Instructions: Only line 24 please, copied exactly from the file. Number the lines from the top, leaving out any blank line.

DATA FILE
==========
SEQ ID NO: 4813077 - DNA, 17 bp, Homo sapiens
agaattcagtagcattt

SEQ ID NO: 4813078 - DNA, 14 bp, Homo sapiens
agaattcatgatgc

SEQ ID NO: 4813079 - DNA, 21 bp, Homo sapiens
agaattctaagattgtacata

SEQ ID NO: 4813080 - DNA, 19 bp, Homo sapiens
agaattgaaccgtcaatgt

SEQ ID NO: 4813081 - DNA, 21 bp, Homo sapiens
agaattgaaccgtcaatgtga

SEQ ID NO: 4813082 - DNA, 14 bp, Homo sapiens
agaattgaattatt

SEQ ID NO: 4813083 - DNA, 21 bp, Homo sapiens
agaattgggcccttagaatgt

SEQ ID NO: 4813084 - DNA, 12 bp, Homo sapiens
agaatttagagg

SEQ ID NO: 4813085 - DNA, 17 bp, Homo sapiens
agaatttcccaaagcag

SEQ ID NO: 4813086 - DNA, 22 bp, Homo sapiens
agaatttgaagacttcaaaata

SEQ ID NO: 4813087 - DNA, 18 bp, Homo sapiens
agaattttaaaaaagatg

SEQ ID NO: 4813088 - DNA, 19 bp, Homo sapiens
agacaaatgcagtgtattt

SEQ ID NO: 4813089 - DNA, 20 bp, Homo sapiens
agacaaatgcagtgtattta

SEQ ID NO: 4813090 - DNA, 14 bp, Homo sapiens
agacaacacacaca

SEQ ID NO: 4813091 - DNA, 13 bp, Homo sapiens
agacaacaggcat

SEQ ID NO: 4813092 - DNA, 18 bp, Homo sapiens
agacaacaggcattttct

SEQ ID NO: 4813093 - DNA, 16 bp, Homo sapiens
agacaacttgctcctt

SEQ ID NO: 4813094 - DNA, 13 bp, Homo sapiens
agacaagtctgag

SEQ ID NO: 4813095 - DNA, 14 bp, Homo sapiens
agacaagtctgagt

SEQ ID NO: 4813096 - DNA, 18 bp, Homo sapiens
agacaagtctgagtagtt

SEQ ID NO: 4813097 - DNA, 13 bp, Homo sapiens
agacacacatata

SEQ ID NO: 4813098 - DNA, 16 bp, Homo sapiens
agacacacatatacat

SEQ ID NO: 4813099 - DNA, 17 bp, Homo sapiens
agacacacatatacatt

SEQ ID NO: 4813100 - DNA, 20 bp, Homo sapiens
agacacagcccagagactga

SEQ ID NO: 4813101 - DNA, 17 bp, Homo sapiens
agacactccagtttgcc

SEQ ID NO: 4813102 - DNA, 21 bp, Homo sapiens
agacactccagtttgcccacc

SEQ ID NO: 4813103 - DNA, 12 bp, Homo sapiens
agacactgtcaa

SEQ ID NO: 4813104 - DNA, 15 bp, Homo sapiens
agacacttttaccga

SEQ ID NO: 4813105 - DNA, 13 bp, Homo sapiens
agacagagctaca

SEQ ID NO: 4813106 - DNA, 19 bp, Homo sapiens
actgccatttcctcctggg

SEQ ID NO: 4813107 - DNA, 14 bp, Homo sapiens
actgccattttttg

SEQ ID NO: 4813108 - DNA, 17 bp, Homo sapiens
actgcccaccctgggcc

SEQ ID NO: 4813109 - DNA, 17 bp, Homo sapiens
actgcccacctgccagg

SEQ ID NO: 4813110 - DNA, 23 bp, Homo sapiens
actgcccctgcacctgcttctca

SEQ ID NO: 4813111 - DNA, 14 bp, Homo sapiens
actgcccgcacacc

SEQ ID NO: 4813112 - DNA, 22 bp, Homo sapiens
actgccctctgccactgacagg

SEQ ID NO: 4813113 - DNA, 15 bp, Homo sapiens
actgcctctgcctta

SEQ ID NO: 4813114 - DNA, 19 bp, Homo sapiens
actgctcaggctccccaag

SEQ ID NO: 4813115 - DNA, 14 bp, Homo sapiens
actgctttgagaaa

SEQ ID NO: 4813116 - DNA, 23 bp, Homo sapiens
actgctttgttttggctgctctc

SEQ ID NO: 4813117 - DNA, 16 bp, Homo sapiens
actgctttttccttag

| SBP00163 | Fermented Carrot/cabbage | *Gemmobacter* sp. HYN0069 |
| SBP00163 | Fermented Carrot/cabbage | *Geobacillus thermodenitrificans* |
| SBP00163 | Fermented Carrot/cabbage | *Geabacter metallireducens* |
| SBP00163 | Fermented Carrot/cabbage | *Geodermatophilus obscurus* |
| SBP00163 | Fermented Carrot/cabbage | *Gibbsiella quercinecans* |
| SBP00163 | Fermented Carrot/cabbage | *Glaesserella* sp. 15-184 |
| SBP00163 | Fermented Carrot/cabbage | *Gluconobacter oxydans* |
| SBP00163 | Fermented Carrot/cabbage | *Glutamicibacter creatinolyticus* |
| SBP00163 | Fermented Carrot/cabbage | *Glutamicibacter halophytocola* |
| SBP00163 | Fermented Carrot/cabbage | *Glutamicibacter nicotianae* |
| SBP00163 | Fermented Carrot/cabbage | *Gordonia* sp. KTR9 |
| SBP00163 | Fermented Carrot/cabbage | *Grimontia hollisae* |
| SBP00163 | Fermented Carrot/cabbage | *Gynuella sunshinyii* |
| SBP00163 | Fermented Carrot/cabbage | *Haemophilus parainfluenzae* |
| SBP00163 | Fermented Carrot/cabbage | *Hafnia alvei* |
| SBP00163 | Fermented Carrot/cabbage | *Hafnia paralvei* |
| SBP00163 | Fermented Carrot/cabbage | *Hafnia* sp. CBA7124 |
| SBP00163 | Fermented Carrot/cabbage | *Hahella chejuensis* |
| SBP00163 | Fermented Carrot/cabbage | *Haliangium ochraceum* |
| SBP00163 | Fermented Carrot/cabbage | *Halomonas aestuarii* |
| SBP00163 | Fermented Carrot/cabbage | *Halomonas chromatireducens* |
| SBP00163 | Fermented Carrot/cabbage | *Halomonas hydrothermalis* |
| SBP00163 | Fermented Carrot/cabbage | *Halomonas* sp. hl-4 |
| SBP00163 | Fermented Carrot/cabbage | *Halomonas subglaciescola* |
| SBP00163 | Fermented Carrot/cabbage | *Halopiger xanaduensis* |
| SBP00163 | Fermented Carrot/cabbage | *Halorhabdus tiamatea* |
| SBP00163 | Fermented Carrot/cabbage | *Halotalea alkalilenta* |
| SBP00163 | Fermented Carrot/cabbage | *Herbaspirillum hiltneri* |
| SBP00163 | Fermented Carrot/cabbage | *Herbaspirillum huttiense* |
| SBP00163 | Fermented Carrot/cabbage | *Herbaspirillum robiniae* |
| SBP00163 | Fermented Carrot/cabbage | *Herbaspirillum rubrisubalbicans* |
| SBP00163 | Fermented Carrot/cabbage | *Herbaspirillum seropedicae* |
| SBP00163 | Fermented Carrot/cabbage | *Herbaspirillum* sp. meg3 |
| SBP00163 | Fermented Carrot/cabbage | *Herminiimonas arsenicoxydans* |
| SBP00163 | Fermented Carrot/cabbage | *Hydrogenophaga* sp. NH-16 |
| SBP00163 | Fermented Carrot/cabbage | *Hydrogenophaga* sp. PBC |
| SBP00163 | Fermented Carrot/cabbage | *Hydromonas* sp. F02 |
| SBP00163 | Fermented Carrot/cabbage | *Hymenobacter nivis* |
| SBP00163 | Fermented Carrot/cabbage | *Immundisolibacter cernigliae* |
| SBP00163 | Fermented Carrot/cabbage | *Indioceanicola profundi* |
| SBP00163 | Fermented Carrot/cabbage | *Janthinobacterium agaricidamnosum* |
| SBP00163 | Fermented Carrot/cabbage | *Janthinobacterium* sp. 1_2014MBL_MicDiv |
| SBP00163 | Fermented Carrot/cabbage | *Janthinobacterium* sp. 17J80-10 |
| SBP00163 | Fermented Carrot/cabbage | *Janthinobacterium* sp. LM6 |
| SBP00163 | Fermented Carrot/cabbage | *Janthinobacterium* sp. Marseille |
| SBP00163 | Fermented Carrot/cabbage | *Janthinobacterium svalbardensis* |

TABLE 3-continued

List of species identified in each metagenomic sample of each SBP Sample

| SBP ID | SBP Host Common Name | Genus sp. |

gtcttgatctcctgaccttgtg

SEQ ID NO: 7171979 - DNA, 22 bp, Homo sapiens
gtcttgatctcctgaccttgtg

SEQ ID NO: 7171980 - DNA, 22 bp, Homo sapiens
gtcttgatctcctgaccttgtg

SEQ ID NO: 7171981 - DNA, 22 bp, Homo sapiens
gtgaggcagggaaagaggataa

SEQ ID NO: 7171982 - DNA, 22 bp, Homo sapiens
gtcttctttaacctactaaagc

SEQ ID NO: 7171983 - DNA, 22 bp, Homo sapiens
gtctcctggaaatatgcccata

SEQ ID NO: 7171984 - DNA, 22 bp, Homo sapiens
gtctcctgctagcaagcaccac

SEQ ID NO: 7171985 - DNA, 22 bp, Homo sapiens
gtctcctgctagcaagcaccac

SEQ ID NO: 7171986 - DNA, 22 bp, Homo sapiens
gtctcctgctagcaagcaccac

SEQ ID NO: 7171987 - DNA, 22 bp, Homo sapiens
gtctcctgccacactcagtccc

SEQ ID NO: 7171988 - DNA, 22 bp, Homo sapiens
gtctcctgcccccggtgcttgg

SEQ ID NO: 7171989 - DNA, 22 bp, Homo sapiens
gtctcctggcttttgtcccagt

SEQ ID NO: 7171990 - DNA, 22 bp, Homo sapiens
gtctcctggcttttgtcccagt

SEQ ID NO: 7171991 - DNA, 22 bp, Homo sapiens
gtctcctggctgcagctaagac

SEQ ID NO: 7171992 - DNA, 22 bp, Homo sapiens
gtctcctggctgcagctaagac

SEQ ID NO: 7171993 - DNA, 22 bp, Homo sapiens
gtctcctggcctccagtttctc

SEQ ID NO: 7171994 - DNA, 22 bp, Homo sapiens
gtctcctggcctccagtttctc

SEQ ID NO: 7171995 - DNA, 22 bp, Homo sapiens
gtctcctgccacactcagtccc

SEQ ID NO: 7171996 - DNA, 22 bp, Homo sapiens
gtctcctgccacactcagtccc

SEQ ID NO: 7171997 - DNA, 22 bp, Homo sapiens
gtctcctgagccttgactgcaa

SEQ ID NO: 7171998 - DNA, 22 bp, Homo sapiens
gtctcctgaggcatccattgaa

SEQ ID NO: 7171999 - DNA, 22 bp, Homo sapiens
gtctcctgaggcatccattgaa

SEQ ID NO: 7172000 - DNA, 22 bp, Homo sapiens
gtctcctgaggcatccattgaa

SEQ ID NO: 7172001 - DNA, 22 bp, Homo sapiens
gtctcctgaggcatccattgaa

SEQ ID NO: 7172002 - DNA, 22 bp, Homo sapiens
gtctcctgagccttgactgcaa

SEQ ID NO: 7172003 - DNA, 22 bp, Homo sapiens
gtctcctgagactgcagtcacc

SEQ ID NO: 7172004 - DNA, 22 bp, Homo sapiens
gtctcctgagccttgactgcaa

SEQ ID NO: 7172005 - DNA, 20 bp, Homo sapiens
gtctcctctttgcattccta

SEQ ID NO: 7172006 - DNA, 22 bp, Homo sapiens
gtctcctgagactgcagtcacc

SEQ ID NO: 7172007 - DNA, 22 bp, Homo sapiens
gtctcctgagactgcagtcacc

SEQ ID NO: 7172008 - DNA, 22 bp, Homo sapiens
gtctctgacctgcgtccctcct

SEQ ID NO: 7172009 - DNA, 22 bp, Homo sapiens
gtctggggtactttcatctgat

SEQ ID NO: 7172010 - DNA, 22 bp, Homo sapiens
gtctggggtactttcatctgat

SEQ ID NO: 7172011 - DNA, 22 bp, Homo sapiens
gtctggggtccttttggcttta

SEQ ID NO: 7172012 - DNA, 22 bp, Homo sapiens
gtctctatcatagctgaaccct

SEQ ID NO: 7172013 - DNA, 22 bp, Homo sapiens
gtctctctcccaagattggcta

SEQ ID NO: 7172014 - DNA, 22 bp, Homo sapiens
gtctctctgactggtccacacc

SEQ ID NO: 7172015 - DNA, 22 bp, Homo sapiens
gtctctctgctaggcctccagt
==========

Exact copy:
agacaaatgcagtgtattt